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Making Dallas Even Better

Small Business Gets a Boost from Obamacare

Dallas-Fort Worth has the most dismal health coverage in Texas and one of the worst of major cities in the U.S. Currently 847,692 individuals—or 24 percent of the population—are uninsured, which places a huge burden on local taxpayers for social services and free hospital care (hello, Parkland!).

As Hilary Lau reports on D Healthcare Daily, one of the major holes in coverage is with businesses that employ 50 or fewer people. They normally don’t provide health insurance. (I guess we are the exception, since we did even when we were tinier than 50 people.) Under Obamacare, these businesses will now get cheaper than normal insurance and tax breaks to pay for it. But won’t those benefits also cost taxpayers? Yes, but less than what we’re already paying. If the current system had been left in place, healthcare would consume a third of economic output by 2040.

The vehicle for small business to sign up for employee coverage is something called the Small Business Health Options Program, which goes live on September 9. The new law kicks in on January 1 — unless Ted Cruz finds the votes to stop it, which he won’t.

  • David Malphurs

    What good is Obamacare for small businesses when they won’t be able to hire anybody to give the insurance to because of Obamacare? Now excuse me while I continue laughing over this article.

  • Mavdog

    “won’t be able to hire anybody to give the insurance to because of Obamacare”. Excuse me while I continue laughing over your inane post…

  • Avid Reader

    What is the basis for the comment, “healthcare would consume a third of economic output by 2040”? What percentage of economic output will healthcare consume in 2040 under Obamacare?

  • Mike

    The caveat here is that small businesses have to go through SHOP to be eligible, if you like your current plan you can’t keep it if you want these tax credits. The reason for this, presumably, is that in order for these exchanges to work people need to sign up for them, so the US government says hey, if you want tax credits you go through us. Seems fine for a private company to do that, but a little creepy and statist when the US govt does it. Question is, will these credits be enough of an incentive for small businesses who currently have plans to drop them and go through SHOP and for small business who don’t have plans to start offering them through SHOP? Who knows, guess we’ll find out.

  • David Malphurs

    Sorry to interfere with your blind devotion to Dear Leader. Now, grab your shovel and continue lock-stepping in line.

  • Dubious Brother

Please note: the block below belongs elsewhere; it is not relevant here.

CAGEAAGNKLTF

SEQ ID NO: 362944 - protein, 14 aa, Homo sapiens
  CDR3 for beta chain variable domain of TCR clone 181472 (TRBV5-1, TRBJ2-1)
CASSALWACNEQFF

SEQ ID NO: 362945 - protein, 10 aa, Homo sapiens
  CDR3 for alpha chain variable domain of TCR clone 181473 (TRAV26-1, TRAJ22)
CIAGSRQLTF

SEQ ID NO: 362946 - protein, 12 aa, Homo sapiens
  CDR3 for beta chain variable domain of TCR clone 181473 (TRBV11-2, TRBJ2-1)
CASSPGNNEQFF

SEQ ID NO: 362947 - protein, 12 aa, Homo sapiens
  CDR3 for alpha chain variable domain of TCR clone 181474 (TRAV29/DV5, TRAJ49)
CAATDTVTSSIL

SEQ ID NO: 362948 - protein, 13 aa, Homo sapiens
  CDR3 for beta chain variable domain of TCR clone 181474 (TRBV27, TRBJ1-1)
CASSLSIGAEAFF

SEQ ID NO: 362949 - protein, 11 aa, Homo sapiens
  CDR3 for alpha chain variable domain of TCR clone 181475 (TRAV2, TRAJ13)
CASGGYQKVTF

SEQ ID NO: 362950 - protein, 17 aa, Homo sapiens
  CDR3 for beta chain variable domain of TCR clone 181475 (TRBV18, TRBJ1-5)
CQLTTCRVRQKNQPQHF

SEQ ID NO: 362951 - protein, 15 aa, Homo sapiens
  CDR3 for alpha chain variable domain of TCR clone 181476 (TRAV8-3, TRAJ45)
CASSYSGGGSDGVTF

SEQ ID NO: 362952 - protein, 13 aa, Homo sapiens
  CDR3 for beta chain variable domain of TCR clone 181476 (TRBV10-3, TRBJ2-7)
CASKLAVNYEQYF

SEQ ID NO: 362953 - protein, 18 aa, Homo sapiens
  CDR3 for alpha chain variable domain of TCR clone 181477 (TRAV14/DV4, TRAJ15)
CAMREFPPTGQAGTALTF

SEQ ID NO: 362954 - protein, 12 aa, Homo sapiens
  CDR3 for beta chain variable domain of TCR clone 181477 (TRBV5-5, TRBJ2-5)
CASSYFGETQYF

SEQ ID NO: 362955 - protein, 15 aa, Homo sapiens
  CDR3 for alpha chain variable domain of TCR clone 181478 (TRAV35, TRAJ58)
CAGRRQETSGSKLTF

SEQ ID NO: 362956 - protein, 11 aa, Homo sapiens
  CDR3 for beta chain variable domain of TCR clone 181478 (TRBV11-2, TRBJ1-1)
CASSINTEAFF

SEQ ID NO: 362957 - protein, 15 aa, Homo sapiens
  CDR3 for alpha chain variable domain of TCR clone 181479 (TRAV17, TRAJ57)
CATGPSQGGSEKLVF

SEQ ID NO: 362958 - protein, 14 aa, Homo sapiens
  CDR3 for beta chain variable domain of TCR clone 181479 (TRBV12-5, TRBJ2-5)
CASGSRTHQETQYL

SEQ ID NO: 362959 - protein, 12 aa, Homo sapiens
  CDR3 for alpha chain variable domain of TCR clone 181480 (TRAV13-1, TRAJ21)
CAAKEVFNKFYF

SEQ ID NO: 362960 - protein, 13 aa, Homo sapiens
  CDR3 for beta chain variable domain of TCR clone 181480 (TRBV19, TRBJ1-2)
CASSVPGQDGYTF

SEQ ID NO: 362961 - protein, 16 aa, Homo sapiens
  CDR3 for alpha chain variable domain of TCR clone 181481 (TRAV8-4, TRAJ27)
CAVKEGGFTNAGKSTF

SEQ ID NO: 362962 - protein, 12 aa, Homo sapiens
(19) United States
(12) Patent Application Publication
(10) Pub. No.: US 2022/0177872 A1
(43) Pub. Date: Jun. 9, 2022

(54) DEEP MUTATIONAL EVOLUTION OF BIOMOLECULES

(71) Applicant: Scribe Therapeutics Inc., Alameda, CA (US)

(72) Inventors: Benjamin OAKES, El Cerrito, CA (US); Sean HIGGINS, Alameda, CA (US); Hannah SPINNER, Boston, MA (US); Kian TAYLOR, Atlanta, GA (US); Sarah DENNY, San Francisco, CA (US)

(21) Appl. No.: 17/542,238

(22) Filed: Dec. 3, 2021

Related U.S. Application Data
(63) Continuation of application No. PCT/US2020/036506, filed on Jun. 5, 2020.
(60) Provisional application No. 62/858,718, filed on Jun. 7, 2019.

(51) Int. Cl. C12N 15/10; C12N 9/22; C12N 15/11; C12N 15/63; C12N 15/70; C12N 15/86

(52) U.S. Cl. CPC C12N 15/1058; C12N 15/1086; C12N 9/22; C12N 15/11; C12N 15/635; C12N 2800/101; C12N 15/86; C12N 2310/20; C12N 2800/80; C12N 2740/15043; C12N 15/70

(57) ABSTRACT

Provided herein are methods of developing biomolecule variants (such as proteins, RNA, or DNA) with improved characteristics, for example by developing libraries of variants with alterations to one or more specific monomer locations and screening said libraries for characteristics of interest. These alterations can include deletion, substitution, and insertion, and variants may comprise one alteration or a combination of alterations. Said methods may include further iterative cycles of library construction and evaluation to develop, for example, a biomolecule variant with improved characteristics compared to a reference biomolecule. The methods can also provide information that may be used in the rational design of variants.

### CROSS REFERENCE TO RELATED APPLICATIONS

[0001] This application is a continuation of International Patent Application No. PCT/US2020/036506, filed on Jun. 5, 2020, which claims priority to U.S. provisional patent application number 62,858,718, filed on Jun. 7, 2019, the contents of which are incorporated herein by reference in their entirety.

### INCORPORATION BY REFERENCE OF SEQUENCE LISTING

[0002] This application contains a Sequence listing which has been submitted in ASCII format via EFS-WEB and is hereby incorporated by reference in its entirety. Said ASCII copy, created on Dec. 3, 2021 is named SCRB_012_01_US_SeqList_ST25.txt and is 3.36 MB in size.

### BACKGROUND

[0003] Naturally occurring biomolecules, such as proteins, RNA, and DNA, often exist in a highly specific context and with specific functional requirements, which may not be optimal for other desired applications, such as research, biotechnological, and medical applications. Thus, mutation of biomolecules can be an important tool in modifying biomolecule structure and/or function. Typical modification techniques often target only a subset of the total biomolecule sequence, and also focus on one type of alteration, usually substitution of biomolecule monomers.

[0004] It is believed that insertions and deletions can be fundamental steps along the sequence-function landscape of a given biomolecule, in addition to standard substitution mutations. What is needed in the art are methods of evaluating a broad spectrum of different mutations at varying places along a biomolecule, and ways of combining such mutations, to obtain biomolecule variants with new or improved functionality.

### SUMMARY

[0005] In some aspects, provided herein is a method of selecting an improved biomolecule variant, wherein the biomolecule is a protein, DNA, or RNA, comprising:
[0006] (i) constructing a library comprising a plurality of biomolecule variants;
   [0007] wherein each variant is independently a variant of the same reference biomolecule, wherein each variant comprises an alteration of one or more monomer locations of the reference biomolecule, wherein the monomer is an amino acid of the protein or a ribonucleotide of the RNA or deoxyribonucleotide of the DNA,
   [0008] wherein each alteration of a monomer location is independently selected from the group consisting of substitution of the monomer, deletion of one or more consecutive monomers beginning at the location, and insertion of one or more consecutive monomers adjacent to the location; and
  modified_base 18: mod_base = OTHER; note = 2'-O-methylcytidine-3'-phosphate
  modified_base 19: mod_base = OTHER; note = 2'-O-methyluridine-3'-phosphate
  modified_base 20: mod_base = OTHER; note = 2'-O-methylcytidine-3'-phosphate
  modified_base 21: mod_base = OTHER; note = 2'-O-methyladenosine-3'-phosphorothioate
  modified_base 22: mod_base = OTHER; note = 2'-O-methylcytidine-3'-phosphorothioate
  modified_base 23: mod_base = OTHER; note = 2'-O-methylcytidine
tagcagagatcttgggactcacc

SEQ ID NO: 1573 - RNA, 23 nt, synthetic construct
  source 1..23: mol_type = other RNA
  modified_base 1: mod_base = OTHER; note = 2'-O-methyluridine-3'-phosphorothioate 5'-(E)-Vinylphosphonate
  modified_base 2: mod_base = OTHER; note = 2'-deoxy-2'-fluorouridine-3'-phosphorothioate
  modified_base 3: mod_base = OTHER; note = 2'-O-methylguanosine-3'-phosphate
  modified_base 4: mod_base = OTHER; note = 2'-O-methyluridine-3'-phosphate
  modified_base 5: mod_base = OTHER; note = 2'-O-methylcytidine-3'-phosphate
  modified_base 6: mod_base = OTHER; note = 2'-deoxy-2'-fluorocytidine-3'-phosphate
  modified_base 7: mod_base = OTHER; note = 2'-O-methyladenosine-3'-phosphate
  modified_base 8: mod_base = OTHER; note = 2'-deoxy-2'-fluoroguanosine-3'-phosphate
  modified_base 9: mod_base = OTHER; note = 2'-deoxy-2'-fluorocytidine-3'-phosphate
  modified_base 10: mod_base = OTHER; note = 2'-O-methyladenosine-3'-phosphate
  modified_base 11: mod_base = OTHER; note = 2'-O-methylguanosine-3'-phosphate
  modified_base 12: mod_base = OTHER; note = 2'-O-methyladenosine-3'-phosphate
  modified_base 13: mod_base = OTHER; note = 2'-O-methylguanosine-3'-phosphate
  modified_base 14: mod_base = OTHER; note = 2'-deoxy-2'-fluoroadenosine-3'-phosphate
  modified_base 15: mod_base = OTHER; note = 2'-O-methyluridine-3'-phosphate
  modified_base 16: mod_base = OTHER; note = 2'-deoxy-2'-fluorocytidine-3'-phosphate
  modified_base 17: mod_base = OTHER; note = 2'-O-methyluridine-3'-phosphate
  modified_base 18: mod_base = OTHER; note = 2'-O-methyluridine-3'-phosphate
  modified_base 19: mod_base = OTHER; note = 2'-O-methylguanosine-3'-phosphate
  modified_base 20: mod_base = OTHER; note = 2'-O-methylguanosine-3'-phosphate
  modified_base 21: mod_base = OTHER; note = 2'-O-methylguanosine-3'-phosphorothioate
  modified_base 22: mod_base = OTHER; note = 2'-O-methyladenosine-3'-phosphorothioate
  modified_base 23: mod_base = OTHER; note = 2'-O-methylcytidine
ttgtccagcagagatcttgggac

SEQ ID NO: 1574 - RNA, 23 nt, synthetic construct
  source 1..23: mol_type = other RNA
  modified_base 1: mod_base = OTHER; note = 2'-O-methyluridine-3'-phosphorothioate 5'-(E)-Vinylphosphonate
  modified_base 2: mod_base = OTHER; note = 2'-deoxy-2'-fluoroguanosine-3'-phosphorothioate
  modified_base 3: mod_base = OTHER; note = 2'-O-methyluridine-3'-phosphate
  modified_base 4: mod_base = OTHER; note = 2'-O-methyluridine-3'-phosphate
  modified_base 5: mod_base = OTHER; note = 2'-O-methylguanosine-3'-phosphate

Employer provided defined benefit health insurance is having the same affect on businesses as defined benefit pension plans. The best way to control costs is fire the old and hire the young or now just move as many as possible to part time.
    Employers being involved in health insurance is a by-product of our dumba$$ tax code where corporations are allowed to write off the costs no matter how high and individuals are not. Companies then must decide what benefits they will provide their employees which are dramatically different for young singles, child bearing year couples and older folks approaching retirement.
    Companies should use a defined contribution approach to health insurance and provide a certain amount of $$ which is not taxable to the employee and let the employees choose how to spend it on individual policies. With an individual policy you don’t have to worry about COBRA when you change jobs or pre-existing conditions including children born with health issues. Keep the government out of it.

  • Mavdog

    oh how creative of you , “Dear Leader”. very funny. thanks for continuing with the levity brought by your first post.

    I do need that shovel that you suggested to get through the pile of BS you laid with lines such as “small businesss..won’t be able to hire anybody…because of Obamacare”. Very revealing that you lack a coherent explanation for your rhetoric.

    thanks for the laugh.

  • AmyS

    The credit has a two year limit. If a company grows larger than 10 full time employees OR exceeds an average worker wage of $25,000 per year, it is scaled back. This is not a subsidy for high wage paying small companies, but could advantage a small startup whose owners/employees are working for sweat equity in lieu of wages.

    As mentioned above, more covered persons would result in less medicare costs. Does it mean Parkland would benefit? Not necessarily. Those covered would have the right to chose a different hospital. Which might mean lowered billings for Parkland. Maybe.

    But maybe not until the personal penalty exceeds the cost of insurance premiums.

  • Buddy

    Delusional liberal’s would be funny if they weren’t running our country now.